Thanks

     

    Jeff Pulera

    Safe Harbor

     
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  • joe bloe premiere
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    Mar 28, 2013 11:33 AM   in reply to sgribber

    (1)   Regardless of wether I check 'use previews' or not,  PP will render the timeline again. Regardless of wether the timeline is already rendered. Correct ?

    Not correct.

    If you check 'Use Previews', your export will 'Use Previews'.

    With this box checked, and if your timeline is preview rendered,

    the export will likely be faster, but will not be the best possible quality.

    (2)  By previewing, do you mean playback of your timeline ? 

    Yes.

     
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    Mar 28, 2013 11:41 AM   in reply to joe bloe premiere

    Well...even if the entire timeline has been rendered (green bar), it will still need to be "rendered" or transcoded again to the final export format of choice. The benefit of using rendered previews is that if any of the clips has render-intensive effects that took a long while to render, you will save that extra time. Using previews for final export is ok for making a "preview" to look at. When doing the final export for delivery, best to not use previews to avoid quality loss and recompression.

     

    Here's some info about render bars -

    http://blogs.adobe.com/premierepro/2011/02/red-yellow-and-green-render -bars.html

     

    Not a Mac user, but I think the way Final Cut worked was that pre-renders were in QuickTime, and if exporting to the same QT format, it did not re-render and simply repackaged the QT files together, so it was very quick (or so I read). With Adobe, even if exporting to the exact same format that the clips on timeline are, they will still be transcoded. My exports are nice and quick on Core i7 PC, even for H.264, but laptops (especially a few years old) will take a lot longer unfortunately.

     

    Nice thing with Adobe is that files do not need to be transcoded before you start editing, just edit native files, so maybe the time you save on the front end you make up later.

     

    Thanks

     

    Jeff Pulera

    Safe Harbor

     
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  • joe bloe premiere
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    Mar 28, 2013 1:03 PM   in reply to SAFEHARBOR11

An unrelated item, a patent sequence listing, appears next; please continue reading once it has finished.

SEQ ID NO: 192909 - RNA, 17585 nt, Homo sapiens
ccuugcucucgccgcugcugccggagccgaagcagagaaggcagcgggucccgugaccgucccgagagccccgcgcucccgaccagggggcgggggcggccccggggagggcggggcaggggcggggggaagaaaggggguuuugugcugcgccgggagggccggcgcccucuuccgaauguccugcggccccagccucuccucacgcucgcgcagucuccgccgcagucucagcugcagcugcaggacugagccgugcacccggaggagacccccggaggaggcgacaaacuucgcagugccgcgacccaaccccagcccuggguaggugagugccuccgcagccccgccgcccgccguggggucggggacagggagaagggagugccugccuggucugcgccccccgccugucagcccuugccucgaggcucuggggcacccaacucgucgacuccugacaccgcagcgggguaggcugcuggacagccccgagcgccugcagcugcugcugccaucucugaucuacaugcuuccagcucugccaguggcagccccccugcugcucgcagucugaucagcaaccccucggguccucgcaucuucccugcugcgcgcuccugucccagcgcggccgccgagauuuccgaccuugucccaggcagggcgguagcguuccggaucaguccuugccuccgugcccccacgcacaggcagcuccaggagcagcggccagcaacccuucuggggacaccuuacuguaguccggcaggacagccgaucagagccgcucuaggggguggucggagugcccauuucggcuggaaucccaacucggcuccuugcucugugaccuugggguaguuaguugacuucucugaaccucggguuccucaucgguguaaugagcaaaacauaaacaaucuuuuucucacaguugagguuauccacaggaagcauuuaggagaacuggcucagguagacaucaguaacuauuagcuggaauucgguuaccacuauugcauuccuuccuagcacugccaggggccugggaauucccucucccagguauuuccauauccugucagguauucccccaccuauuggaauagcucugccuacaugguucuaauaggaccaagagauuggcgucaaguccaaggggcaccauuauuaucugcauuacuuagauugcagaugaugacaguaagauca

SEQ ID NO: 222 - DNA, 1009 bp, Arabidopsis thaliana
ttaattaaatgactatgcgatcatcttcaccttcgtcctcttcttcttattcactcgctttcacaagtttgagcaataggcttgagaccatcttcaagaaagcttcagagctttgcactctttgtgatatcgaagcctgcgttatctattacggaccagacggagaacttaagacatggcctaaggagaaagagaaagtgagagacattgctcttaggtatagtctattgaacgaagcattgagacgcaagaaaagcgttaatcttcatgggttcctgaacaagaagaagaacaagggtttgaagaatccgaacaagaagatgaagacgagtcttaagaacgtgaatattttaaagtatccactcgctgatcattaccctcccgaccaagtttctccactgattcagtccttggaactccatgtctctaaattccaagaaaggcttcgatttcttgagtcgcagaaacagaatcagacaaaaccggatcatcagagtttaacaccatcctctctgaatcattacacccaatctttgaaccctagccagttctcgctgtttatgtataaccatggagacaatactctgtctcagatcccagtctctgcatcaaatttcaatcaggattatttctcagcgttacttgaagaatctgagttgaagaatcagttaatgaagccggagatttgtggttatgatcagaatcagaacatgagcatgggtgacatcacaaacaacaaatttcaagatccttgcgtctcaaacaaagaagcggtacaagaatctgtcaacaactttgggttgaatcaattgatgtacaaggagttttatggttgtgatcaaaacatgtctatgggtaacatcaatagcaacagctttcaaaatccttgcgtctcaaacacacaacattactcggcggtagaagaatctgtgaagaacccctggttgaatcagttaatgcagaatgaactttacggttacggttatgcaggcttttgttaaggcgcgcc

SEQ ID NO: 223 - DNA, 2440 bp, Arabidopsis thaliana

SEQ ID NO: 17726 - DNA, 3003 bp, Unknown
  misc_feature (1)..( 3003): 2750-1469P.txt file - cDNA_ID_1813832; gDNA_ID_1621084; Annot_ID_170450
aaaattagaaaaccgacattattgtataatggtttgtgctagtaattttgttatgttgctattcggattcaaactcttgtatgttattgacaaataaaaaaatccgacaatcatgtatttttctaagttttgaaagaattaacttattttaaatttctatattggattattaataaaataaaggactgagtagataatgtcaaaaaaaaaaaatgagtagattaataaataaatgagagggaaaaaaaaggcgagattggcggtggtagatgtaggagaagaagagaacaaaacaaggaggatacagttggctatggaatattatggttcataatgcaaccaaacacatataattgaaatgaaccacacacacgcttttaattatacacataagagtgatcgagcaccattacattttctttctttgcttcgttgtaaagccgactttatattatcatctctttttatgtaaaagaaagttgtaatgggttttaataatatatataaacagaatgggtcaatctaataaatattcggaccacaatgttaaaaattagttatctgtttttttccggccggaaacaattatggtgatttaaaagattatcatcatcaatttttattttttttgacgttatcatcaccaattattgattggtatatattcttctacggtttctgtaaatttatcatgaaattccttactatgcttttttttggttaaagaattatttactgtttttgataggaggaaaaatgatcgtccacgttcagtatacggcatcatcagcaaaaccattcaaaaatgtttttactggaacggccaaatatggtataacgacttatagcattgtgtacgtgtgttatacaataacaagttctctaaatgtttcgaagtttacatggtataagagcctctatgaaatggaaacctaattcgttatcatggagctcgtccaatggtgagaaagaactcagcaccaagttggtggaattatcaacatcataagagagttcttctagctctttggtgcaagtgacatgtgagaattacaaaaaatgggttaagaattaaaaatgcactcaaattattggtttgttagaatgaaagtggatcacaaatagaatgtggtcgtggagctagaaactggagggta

The benefit of using rendered previews is that if any of the clips has render-intensive effects that took a long while to render, you will save that extra time.

    That was the context of the initial response in post #12.

    Thanks for your extended clarification.

     
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    Mar 28, 2013 12:10 PM   in reply to sgribber

    I don't use MB color effects so can't compare there. From recent threads I saw, MB does take a while to render, so that will definitely increase export times beyond the norm. Also, source format and export format make a difference as well, so we're comparing apples and oranges unless everything is relatively matched up between us.

     

    My source files are usually 1080i HDV, and exporting to MPEG-2 DVD or H.264 for web. DVD is faster than realtime, and H.264 for web can also be, though Blu-ray may take a little longer than realtime. But never anything like you are seeing.Third-party effects are the wild card with rendering times.

     

    Jeff

     
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  • joe bloe premiere
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    Mar 28, 2013 1:19 PM   in reply to sgribber

    (For a private viewing in our studio)

    Check 'use previews' and un-check 'max render'.   H.264 with a avg data rate of 7 and max of 7. 

     

    (For final delivery to client)

    Un-check 'use previews' and check 'max render' as we often scale the film.

    This sounds like you have a good conceptual handle on the variables,

    and have a solid plan of attack in hand.

    Out of curiosity, how long does your PC take to export  a 10 minute timeline with heavy color grading on it ?   I'm referring to Magic Bullet.

    I can attest to Magic Bullet Looks being big render hog...

    that's why I mentioned it in post #1.

    ImOuttaHere.jpg

     
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    Mar 29, 2013 11:47 AM   in reply to sgribber

    Will unchecking max render quality reduce image quality ?

     

    With CUDA acceleration on, no.  All it does in increase the render time.